A third of connected car owners fear their vehicles will be hacked, according to new research from HSB. The cyber insurer’s research comes as the majority of automakers produce smart vehicles, which is a reason why the current chip shortage has hit them particularly hard. In response to this growing sector, lawmakers around the world are putting pedal to metal to make connected cars safer.
HSB is part of Munich Re and specialises in internet of things (IoT) technology services. It has surveyed over 1,500 US adults about their attitudes towards cybersecurity. Of the people polled, 37% were somewhat or very concerned about the cybersecurity and safety of connected and automated vehicles. Moreover, 35% feared that a virus or hacking incident could damage or destroy their connected car data, software or operating systems.
About half of the 55% of consumers who sync smartphones or other devices are unaware of what personal information is stored in their vehicle’s entertainment system.
“Our cars are more connected than ever,” said Timothy Zeilman, vice president for HSB. “It’s hard for consumers to keep up with rapidly evolving vehicle technology and they wonder if their privacy and personal information is protected.”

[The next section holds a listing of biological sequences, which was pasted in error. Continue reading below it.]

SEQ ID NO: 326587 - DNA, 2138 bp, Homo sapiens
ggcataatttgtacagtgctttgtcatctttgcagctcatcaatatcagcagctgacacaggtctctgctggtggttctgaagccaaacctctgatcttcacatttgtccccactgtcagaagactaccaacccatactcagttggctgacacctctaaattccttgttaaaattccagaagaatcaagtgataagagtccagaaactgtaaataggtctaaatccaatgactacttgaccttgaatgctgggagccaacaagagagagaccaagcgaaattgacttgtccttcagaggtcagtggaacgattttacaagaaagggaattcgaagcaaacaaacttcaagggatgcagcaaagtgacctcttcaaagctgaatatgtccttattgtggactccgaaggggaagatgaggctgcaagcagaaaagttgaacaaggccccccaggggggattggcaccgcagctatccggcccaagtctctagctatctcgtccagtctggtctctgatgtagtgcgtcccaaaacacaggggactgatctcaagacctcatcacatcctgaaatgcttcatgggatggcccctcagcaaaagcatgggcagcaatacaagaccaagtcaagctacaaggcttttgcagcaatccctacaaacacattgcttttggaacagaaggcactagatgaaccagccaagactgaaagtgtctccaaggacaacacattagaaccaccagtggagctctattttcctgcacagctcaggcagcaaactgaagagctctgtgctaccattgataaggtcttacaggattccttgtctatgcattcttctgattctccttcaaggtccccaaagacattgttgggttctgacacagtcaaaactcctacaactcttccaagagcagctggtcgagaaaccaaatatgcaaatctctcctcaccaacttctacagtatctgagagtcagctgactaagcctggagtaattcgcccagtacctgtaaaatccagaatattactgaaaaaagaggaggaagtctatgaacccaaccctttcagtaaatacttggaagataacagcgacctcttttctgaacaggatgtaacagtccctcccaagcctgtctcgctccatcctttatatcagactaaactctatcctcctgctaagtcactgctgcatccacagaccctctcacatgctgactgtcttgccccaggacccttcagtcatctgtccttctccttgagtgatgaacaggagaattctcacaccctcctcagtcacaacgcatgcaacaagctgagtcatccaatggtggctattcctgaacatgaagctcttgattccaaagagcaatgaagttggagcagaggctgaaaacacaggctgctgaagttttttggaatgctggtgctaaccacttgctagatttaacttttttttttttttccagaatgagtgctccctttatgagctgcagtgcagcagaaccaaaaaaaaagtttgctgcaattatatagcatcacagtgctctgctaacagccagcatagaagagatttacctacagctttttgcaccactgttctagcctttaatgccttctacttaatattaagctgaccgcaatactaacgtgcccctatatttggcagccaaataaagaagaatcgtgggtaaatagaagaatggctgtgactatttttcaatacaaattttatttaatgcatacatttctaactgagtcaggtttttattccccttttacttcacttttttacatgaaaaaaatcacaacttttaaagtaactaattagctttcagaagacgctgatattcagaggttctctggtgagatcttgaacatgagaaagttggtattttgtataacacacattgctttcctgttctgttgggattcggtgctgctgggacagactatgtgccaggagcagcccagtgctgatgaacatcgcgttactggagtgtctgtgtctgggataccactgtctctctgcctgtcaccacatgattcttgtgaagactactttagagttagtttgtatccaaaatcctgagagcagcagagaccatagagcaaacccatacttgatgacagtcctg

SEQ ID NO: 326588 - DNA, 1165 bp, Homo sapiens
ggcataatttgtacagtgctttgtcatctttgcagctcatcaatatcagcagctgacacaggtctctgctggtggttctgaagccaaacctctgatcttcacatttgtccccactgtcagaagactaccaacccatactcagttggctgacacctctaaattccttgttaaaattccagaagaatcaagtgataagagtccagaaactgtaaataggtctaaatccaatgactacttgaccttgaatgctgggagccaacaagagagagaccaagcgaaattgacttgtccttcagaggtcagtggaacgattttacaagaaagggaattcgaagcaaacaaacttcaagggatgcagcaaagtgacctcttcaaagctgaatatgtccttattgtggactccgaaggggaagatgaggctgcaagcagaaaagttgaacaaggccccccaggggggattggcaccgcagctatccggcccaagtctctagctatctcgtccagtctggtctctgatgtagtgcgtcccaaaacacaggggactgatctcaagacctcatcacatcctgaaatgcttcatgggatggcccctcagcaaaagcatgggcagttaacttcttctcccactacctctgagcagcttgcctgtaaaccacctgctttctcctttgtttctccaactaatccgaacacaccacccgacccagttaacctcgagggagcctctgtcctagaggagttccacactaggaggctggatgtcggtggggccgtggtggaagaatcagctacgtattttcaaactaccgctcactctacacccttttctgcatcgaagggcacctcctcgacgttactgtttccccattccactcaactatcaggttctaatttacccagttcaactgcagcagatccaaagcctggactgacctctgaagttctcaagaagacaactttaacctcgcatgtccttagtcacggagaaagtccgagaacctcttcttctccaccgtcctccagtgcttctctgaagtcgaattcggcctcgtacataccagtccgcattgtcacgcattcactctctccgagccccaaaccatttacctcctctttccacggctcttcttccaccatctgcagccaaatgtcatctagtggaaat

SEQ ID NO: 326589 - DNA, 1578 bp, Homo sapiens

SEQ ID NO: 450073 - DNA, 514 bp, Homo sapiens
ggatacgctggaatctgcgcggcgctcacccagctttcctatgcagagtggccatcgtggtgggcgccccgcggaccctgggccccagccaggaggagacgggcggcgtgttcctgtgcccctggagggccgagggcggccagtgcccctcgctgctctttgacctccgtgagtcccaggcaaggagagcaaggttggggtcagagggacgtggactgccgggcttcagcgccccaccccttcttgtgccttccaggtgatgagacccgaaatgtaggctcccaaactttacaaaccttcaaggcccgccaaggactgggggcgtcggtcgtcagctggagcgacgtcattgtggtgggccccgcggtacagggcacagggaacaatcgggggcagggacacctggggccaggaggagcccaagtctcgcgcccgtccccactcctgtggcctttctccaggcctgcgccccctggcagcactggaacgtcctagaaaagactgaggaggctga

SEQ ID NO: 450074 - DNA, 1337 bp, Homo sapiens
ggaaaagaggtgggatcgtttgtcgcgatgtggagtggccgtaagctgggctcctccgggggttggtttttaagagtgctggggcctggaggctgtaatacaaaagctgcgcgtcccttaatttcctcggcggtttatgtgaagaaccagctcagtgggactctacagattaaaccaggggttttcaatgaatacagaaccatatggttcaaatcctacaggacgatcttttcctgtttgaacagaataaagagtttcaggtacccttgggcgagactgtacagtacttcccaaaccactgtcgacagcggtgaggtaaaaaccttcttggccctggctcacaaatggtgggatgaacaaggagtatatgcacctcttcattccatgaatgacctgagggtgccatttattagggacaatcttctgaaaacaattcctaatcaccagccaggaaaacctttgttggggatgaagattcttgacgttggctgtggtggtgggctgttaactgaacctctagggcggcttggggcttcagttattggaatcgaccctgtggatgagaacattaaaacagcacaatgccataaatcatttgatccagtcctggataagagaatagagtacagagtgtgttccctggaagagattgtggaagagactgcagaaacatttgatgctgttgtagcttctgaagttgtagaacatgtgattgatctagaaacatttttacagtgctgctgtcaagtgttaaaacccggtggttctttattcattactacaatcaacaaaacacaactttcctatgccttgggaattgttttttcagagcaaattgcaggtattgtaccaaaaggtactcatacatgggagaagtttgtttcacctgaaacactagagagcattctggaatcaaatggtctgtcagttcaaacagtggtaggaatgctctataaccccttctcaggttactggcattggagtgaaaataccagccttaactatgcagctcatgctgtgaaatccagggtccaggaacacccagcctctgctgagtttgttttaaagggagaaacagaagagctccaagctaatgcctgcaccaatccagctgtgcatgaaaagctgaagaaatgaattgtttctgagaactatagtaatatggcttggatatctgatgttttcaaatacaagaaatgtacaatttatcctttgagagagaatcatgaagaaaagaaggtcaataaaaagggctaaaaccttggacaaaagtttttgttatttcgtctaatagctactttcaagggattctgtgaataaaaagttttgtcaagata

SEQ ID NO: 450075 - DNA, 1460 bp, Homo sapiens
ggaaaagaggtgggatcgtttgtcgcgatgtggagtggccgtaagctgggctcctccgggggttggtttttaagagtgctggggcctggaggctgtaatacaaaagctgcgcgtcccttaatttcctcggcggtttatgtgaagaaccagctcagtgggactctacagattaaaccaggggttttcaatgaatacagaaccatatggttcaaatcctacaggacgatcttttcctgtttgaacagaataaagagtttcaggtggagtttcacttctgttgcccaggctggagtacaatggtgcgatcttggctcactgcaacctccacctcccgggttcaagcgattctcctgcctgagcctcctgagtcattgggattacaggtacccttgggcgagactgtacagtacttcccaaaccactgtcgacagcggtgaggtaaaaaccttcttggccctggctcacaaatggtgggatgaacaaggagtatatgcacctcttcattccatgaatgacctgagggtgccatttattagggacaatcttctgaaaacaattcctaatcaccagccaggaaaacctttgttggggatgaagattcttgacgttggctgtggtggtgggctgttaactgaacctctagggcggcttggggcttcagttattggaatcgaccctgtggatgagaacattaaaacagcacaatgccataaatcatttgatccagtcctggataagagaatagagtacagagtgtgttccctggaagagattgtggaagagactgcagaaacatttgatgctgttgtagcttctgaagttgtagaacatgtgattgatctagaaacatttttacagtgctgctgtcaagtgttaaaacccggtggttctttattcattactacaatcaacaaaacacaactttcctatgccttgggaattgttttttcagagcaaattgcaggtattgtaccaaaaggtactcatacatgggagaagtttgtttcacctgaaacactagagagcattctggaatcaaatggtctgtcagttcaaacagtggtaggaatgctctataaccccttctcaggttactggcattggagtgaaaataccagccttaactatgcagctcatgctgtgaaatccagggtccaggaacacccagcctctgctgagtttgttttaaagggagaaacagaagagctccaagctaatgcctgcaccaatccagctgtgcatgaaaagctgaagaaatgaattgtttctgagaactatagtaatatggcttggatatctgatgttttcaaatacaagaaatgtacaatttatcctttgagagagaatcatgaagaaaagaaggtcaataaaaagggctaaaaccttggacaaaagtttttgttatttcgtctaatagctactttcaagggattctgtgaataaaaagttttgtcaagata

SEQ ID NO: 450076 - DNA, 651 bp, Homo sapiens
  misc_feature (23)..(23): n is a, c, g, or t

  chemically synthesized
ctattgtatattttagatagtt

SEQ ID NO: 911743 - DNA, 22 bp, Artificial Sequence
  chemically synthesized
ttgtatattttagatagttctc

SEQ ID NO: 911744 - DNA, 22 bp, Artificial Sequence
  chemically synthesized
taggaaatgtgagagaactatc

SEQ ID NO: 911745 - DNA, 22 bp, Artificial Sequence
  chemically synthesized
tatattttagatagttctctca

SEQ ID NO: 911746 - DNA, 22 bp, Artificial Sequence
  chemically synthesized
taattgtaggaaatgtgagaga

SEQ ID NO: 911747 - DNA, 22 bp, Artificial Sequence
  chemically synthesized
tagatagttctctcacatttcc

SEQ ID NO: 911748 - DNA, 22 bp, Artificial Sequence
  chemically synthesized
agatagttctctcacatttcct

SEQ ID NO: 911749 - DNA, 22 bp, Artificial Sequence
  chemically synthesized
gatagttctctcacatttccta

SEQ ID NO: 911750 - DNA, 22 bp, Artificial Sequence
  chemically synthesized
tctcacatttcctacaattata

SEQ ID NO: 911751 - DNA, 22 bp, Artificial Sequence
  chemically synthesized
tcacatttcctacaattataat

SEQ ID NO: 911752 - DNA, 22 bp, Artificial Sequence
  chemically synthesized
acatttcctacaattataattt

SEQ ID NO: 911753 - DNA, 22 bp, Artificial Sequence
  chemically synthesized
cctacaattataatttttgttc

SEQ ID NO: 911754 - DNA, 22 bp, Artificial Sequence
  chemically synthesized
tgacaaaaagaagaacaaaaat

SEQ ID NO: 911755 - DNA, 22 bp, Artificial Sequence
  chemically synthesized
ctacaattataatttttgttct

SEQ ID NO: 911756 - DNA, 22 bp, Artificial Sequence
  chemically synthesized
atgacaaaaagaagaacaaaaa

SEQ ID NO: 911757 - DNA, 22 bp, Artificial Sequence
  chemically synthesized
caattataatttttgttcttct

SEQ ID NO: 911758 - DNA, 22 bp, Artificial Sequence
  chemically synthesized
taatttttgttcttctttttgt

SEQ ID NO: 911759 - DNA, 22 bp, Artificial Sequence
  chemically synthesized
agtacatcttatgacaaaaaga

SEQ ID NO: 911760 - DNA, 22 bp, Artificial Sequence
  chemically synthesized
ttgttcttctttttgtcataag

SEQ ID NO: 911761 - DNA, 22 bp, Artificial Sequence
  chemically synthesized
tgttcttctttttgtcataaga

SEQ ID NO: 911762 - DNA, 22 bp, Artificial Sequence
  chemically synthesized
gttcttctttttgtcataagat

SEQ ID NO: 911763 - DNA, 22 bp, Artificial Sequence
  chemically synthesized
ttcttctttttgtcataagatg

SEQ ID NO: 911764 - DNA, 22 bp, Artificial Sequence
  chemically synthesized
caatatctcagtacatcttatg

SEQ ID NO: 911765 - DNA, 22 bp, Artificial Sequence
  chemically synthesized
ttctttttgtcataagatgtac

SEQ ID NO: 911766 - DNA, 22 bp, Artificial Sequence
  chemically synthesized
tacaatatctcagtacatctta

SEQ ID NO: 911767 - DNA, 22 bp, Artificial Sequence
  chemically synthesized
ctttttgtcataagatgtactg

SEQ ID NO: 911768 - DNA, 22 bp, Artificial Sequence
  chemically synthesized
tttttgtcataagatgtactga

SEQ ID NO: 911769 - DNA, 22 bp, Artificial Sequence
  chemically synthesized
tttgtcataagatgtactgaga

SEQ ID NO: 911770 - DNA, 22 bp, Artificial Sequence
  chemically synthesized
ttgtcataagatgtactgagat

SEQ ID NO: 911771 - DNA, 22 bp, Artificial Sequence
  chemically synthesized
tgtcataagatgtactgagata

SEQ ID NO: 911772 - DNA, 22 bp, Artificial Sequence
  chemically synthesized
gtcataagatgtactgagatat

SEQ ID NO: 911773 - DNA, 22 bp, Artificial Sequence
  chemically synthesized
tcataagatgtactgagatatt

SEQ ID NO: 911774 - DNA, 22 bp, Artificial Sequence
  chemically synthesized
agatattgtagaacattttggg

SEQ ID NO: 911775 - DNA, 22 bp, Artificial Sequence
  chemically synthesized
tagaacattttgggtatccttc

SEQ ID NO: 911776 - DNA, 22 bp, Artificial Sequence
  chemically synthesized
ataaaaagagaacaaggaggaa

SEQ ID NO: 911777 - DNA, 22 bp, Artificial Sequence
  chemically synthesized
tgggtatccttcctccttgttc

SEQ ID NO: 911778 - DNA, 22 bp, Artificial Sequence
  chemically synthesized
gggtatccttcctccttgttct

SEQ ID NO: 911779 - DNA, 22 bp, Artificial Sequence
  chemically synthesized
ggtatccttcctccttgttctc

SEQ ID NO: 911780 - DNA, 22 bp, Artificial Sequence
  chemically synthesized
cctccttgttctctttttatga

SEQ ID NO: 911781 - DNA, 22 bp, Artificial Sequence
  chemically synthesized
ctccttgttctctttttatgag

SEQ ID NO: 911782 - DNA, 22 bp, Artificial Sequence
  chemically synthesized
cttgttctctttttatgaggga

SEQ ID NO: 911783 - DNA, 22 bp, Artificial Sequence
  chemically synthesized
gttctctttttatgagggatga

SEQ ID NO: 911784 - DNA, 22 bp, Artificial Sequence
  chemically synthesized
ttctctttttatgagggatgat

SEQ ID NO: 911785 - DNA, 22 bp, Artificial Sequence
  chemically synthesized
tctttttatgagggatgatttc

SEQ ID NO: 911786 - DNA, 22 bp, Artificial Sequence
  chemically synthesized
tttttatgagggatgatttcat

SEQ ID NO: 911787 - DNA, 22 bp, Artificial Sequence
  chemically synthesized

The news about owners fearing connected car hacking comes as lawmakers around the world are pushing to make connected cars safer in terms of cybersecurity and road safety.
In 2019, the US Senate and House of Representatives introduced the Internet of Things Cybersecurity Improvement Act in an attempt to beef up the security around IoT devices such as smart vehicles. The bill was created to encourage the development of security standards for connected devices, as explained in a recent GlobalData research report.
The US Department of Transportation also outlined its Automated Vehicles Comprehensive Plan in January to prepare for the introduction of self-driving vehicles.
In Europe, the European Commission published a new policy in March on how it will support the deployment of connected and autonomous cars in the future. The governmental body noted that the rollout of the technology could increase road safety.
The policy included commitments to collaborate with market stakeholders to create policies and roadmaps, develop European-level standards and to introduce new legislation. The commission will also fund research and innovation projects to this end.
Automakers around the globe are currently suffering from a massive semiconductor shortage. The shortage has been caused by Covid-19, severe weather, factory fires and soaring demand for silicon across both car production and other sectors. As a consequence, many car manufacturers have been forced to put the breaks on their production.